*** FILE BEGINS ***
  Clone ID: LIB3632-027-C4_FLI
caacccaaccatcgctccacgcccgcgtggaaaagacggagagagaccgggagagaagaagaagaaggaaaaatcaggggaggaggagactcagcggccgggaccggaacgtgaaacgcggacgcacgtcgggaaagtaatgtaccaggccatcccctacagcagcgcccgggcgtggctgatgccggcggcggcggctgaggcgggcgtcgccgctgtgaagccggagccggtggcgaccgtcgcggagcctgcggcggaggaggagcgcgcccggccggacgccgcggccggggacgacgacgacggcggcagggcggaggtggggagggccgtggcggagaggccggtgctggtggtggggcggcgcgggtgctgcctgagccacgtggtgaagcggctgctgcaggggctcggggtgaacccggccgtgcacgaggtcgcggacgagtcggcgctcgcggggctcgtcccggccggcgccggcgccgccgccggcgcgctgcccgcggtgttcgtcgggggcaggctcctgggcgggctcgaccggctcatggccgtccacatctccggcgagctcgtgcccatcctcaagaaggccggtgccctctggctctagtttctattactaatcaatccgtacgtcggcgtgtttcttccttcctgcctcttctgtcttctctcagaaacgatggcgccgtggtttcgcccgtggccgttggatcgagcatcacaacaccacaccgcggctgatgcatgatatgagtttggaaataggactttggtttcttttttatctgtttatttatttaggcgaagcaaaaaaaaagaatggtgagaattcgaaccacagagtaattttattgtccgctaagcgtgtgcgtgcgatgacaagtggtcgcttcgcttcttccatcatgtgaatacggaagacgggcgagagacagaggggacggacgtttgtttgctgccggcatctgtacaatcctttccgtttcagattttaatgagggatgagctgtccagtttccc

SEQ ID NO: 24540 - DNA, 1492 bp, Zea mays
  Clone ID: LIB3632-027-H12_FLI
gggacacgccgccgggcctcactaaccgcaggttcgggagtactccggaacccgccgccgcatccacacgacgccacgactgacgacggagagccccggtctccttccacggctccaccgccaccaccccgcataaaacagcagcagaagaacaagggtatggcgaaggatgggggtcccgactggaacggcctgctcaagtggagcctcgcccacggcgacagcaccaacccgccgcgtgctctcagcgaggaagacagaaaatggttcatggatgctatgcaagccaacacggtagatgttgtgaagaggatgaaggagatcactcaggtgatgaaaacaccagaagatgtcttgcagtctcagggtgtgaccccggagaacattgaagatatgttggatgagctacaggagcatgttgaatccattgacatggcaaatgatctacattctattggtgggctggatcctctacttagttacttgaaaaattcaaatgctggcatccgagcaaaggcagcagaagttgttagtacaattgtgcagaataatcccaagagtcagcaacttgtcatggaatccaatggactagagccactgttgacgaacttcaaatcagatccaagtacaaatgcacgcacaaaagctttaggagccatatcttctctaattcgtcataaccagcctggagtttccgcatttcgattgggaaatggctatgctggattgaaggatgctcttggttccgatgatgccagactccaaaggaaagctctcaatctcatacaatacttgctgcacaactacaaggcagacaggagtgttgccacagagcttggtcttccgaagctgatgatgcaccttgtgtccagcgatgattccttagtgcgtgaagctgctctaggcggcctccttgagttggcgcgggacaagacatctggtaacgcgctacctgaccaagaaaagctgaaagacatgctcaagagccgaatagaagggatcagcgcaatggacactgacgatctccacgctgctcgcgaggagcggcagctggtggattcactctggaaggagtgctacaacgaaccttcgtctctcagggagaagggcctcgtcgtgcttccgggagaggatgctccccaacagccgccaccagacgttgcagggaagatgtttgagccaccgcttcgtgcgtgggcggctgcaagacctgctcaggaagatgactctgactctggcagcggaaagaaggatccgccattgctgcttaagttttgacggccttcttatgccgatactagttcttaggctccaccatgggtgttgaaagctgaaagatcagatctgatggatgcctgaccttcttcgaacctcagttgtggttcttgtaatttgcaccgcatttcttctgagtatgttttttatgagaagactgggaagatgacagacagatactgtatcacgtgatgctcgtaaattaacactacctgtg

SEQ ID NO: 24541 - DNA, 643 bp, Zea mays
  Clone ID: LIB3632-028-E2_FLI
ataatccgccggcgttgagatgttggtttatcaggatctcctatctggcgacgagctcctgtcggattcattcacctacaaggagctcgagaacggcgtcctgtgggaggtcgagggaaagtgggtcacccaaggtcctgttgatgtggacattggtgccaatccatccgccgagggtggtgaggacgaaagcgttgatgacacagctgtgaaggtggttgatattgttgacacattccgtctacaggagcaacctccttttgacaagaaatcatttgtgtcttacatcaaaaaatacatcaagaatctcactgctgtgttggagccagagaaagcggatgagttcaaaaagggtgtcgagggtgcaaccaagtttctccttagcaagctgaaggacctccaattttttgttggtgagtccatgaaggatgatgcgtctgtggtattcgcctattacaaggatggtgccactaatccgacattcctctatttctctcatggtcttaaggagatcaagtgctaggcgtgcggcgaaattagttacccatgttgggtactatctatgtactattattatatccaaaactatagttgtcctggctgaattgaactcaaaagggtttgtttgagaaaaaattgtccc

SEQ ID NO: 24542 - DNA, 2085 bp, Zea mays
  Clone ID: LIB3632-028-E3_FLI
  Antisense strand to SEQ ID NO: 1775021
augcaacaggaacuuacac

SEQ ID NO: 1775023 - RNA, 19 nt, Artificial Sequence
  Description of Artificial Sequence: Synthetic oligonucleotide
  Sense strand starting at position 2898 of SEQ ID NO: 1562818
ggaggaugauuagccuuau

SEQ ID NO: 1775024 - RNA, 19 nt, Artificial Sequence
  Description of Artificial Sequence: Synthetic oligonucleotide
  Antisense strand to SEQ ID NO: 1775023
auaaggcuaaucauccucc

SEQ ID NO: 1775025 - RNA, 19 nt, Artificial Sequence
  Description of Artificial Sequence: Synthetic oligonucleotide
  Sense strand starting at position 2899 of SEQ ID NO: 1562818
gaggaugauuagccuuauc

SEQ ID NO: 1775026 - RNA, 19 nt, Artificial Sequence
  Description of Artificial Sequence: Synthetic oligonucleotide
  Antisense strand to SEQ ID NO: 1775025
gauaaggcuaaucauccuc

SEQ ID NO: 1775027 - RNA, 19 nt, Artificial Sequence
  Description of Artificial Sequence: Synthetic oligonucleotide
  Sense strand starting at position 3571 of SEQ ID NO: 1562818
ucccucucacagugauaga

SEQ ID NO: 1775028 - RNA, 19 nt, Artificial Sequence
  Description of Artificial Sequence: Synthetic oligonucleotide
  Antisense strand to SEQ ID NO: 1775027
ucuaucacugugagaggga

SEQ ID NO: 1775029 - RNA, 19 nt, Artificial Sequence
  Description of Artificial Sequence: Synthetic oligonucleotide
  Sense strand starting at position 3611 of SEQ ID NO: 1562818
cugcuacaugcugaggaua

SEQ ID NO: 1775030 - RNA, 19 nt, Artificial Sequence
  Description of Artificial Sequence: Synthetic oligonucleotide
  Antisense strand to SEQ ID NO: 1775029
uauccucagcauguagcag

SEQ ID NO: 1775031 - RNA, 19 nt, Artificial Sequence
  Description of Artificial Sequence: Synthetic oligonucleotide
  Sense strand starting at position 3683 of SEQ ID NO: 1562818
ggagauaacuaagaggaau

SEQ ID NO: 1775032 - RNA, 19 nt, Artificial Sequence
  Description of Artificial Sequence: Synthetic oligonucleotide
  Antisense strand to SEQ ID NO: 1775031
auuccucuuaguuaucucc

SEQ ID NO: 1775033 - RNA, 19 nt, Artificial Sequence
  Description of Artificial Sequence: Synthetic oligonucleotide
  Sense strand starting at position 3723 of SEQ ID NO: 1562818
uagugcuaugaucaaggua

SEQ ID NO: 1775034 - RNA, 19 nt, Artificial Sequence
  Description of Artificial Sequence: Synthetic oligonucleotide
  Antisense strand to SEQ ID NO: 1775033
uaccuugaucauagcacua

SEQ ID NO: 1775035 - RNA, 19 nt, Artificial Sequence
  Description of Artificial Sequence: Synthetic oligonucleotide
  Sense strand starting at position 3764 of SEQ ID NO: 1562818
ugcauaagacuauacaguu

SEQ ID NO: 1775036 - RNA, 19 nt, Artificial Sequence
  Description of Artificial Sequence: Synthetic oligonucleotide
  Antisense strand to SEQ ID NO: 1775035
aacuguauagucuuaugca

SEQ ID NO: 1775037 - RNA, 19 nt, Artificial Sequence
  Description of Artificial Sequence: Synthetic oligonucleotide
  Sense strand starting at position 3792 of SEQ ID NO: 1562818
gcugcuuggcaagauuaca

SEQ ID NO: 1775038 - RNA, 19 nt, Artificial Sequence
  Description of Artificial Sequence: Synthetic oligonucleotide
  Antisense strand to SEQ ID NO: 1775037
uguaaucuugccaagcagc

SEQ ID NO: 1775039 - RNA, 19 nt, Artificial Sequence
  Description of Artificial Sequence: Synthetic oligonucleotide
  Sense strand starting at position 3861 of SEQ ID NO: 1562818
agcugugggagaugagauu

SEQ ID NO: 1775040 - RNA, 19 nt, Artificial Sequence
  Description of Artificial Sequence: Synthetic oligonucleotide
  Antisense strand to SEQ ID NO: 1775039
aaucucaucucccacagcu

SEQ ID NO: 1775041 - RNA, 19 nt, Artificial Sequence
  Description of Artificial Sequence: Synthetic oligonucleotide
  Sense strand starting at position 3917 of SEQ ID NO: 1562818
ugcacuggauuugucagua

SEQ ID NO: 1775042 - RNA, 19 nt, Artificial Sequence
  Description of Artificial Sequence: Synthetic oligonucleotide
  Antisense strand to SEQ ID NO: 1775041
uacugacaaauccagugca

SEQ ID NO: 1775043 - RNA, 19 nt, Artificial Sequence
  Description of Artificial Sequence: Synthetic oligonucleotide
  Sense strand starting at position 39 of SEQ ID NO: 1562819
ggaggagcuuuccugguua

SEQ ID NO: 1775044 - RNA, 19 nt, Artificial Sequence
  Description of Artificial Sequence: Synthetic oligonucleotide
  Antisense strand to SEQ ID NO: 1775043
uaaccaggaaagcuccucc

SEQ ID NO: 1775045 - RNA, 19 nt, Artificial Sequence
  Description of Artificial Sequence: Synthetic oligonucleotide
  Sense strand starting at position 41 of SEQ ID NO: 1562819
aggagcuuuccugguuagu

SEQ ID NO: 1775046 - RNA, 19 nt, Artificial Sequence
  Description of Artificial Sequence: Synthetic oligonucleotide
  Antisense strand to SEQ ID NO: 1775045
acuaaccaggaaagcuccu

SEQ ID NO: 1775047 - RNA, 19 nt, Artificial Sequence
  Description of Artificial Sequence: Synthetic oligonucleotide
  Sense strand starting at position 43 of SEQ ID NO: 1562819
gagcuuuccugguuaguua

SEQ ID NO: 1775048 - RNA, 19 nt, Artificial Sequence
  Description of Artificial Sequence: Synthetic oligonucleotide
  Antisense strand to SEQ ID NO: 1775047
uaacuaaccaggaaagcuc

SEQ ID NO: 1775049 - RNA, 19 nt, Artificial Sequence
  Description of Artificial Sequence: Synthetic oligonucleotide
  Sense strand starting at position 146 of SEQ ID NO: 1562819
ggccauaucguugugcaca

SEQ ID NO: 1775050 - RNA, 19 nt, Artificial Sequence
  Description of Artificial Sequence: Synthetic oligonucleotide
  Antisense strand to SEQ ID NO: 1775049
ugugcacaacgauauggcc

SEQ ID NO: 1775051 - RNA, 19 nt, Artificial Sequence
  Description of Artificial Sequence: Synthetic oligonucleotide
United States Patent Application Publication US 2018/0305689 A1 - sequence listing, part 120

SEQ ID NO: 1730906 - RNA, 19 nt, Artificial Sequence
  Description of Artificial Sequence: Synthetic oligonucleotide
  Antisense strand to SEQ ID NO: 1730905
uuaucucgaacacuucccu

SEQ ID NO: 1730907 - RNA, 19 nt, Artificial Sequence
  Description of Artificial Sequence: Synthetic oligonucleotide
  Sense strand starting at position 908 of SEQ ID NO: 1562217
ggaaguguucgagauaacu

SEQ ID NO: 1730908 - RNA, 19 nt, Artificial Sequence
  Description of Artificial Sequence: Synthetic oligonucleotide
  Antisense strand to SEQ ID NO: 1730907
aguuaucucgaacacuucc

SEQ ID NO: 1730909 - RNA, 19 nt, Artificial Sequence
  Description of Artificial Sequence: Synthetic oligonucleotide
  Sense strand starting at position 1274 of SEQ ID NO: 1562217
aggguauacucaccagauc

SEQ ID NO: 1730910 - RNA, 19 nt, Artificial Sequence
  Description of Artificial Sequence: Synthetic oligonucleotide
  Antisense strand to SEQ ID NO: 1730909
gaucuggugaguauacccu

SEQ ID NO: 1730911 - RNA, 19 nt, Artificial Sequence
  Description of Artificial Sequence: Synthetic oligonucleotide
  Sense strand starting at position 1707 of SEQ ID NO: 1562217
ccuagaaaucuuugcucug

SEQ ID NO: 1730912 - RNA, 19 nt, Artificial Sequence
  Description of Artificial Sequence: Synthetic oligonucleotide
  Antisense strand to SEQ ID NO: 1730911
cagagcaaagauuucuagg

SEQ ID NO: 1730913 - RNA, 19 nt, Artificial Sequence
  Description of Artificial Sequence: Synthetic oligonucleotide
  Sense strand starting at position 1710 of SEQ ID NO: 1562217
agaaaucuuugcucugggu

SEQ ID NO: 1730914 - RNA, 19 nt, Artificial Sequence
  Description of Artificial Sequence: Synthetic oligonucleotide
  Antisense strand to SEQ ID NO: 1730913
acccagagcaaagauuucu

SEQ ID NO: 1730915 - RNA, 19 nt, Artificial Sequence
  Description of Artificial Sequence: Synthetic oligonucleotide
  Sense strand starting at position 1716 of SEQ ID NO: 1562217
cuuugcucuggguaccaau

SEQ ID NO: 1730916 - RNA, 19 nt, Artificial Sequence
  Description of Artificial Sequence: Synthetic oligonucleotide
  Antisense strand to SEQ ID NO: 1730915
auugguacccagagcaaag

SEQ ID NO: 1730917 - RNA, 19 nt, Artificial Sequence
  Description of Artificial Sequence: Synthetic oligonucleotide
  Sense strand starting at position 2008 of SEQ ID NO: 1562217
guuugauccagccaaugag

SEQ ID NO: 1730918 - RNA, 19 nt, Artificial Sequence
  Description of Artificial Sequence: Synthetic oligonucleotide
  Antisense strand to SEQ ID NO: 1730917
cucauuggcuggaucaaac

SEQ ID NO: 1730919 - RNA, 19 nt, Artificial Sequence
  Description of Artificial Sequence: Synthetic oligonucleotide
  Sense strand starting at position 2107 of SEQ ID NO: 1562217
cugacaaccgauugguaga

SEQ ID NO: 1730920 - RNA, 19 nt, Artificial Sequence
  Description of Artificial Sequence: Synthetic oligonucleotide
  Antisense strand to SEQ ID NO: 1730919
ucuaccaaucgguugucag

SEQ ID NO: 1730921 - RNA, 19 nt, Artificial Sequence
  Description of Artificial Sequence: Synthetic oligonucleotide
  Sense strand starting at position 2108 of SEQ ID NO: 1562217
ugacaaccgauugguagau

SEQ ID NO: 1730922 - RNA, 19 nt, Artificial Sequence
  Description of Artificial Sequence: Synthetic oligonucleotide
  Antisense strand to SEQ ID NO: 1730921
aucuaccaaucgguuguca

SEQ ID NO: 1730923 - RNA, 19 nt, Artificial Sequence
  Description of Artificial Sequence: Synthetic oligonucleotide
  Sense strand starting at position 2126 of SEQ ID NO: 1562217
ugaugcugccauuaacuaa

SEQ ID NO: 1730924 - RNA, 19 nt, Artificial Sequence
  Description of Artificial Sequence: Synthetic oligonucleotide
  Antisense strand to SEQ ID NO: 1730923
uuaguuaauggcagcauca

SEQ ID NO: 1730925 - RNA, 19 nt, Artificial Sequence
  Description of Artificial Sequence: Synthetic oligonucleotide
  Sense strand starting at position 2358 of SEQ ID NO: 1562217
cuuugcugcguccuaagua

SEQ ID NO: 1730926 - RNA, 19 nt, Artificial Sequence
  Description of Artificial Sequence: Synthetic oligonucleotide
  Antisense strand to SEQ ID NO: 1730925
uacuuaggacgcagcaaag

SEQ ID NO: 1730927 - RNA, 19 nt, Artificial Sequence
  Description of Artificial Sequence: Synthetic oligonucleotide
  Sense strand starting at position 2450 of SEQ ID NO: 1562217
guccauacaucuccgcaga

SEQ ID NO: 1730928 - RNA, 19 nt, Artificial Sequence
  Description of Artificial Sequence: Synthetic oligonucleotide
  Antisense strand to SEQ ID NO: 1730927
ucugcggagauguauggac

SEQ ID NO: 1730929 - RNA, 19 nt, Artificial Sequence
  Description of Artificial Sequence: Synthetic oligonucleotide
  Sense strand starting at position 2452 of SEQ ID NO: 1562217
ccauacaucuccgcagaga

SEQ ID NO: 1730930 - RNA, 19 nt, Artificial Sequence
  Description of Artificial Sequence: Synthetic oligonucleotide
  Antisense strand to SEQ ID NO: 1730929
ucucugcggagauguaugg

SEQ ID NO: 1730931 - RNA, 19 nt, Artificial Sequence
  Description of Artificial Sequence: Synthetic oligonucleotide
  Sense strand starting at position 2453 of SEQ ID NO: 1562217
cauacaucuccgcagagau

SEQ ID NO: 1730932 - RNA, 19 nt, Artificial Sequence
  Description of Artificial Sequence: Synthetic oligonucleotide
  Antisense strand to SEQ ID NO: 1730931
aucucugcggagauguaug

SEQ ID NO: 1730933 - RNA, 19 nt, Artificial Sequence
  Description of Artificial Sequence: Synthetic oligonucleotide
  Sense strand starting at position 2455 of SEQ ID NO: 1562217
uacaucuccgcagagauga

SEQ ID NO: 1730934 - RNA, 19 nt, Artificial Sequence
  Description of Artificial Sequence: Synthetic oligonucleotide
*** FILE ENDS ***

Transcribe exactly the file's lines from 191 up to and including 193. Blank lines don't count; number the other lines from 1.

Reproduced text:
ugacaaccgauugguagau

SEQ ID NO: 1730922 - RNA, 19 nt, Artificial Sequence
  Description of Artificial Sequence: Synthetic oligonucleotide